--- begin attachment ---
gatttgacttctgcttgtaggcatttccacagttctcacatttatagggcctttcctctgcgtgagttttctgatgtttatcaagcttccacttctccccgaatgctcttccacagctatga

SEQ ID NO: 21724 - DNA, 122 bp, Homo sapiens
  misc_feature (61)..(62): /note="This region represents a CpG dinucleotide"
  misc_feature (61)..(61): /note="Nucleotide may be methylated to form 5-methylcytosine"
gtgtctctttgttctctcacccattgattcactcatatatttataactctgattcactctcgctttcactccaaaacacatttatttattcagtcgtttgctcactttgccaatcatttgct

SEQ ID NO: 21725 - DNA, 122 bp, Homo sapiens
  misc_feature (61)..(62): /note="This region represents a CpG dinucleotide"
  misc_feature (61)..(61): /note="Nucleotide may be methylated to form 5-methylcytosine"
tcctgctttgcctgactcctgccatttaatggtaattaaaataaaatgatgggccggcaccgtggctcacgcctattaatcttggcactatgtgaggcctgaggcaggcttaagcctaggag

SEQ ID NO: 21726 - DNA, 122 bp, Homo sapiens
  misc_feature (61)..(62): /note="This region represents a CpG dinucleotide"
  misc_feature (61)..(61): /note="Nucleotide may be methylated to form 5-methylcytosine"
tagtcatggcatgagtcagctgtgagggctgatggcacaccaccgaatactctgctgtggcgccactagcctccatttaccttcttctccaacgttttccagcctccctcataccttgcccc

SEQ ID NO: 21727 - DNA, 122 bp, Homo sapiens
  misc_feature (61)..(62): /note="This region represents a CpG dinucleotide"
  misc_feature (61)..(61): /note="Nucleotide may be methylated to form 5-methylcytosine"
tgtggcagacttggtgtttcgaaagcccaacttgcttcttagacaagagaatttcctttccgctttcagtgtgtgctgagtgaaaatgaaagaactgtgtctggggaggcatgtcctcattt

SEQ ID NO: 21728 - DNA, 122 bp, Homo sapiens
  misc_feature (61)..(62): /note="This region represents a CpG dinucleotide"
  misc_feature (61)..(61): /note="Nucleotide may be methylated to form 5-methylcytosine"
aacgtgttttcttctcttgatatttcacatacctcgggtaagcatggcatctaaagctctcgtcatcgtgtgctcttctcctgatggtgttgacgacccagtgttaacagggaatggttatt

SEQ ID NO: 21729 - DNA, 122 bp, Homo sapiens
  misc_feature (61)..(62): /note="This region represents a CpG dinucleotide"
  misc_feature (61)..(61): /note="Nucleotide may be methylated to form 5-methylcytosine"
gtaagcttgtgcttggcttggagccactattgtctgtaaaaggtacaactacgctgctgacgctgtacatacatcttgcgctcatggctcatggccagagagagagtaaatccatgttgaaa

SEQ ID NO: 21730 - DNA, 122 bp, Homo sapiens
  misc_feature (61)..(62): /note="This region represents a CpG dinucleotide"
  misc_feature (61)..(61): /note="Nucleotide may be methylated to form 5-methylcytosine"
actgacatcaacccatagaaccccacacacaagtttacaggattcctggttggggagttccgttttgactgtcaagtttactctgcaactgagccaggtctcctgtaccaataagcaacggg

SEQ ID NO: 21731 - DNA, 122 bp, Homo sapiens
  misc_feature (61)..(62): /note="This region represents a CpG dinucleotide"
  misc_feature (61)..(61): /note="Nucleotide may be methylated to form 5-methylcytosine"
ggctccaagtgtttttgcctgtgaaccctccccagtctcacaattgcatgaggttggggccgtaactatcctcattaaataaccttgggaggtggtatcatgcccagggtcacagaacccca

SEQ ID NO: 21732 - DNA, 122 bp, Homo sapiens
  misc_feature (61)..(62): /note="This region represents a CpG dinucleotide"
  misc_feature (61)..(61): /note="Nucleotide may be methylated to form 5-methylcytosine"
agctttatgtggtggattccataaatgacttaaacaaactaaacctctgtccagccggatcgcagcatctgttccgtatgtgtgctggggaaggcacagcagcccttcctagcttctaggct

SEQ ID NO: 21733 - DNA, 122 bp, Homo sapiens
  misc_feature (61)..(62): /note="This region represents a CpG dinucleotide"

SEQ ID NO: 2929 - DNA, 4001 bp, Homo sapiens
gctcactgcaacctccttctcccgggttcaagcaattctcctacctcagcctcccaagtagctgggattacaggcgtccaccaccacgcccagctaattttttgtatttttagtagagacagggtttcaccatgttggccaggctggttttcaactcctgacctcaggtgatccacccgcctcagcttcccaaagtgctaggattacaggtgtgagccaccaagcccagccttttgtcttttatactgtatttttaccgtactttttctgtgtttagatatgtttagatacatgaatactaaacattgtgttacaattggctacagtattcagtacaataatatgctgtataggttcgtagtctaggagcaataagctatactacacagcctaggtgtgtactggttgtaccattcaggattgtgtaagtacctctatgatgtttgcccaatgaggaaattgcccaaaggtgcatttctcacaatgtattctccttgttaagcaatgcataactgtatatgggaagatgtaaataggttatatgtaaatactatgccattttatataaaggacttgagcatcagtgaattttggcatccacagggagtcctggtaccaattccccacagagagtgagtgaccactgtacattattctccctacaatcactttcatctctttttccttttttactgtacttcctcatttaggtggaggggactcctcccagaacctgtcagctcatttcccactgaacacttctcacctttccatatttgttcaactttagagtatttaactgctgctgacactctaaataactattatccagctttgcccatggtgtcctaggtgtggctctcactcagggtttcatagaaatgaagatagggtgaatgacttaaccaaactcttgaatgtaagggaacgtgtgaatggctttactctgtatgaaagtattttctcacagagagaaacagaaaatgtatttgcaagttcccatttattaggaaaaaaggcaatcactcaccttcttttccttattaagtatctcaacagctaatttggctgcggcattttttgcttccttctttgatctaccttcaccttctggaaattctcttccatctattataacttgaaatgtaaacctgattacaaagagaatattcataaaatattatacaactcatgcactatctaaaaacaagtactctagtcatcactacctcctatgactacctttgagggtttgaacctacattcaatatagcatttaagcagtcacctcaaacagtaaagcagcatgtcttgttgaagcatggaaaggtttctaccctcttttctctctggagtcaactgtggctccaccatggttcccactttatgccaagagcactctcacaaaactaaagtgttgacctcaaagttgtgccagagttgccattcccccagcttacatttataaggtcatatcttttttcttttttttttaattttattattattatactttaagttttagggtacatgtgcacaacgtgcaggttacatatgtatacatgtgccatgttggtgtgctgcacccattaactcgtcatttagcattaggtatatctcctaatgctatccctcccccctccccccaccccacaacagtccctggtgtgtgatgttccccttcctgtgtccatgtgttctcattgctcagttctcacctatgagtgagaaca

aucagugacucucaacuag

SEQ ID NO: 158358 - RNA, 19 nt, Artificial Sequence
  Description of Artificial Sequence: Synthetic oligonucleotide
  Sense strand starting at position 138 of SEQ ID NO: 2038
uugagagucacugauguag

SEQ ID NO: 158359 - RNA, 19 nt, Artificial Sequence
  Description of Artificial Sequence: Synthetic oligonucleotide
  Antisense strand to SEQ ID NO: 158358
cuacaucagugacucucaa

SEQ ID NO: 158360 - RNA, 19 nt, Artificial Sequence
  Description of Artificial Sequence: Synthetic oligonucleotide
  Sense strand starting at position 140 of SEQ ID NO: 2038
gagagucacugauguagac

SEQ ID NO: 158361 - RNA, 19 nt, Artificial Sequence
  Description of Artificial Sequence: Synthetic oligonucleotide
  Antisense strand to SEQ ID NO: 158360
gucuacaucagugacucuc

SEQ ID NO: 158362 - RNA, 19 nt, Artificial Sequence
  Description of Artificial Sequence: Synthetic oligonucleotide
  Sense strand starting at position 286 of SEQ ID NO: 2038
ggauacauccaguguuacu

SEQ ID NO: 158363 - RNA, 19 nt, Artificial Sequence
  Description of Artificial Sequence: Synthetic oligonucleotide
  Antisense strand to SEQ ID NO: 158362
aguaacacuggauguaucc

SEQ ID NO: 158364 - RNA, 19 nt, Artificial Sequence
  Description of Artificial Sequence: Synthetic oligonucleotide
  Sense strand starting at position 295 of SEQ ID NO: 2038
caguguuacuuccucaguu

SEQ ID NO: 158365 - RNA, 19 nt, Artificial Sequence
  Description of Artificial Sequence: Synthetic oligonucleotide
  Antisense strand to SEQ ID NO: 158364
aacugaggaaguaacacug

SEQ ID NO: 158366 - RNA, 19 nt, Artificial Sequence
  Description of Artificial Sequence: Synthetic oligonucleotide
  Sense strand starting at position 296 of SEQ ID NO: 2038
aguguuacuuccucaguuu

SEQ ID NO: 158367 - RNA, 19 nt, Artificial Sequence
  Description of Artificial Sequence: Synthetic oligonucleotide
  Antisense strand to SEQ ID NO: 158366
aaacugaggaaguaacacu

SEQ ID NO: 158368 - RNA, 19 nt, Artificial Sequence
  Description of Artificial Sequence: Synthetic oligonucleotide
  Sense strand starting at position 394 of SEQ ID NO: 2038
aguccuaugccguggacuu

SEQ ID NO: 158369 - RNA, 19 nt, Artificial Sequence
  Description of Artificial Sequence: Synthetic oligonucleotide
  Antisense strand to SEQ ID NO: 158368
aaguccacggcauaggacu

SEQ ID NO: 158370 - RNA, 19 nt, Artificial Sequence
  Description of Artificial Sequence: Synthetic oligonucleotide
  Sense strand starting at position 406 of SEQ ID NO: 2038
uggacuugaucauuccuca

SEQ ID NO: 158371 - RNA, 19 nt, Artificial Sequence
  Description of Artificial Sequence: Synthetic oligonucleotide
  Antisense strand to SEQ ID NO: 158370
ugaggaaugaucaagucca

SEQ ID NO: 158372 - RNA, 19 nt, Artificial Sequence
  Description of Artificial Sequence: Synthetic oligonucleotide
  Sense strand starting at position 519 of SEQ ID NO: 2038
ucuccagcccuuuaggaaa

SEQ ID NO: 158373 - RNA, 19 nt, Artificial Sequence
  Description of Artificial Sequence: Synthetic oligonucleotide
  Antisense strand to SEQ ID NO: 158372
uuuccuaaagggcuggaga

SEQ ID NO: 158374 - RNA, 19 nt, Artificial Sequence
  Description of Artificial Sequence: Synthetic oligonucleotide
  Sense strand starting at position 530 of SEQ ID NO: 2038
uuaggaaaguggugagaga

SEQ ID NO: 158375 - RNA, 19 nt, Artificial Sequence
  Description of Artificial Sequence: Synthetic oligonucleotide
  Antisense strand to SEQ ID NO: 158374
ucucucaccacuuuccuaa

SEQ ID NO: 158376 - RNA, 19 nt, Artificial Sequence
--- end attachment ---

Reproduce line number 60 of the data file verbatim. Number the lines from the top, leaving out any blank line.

  Description of Artificial Sequence: Synthetic oligonucleotide